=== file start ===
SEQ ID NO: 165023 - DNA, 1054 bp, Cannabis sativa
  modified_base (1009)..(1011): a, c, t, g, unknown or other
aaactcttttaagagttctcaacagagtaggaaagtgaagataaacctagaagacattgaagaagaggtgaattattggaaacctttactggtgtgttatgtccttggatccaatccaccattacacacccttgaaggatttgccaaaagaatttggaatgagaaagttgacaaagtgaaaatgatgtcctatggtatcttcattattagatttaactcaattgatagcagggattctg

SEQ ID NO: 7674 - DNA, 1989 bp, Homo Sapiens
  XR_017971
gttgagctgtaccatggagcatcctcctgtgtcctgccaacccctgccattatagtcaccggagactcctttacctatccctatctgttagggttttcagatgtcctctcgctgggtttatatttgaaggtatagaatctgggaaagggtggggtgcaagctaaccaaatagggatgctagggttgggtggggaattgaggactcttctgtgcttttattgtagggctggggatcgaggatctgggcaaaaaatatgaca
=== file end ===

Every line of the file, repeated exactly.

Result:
SEQ ID NO: 165023 - DNA, 1054 bp, Cannabis sativa
  modified_base (1009)..(1011): a, c, t, g, unknown or other
aaactcttttaagagttctcaacagagtaggaaagtgaagataaacctagaagacattgaagaagaggtgaattattggaaacctttactggtgtgttatgtccttggatccaatccaccattacacacccttgaaggatttgccaaaagaatttggaatgagaaagttgacaaagtgaaaatgatgtcctatggtatcttcattattagatttaactcaattgatagcagggattctg

SEQ ID NO: 7674 - DNA, 1989 bp, Homo Sapiens
  XR_017971
gttgagctgtaccatggagcatcctcctgtgtcctgccaacccctgccattatagtcaccggagactcctttacctatccctatctgttagggttttcagatgtcctctcgctgggtttatatttgaaggtatagaatctgggaaagggtggggtgcaagctaaccaaatagggatgctagggttgggtggggaattgaggactcttctgtgcttttattgtagggctggggatcgaggatctgggcaaaaaatatgaca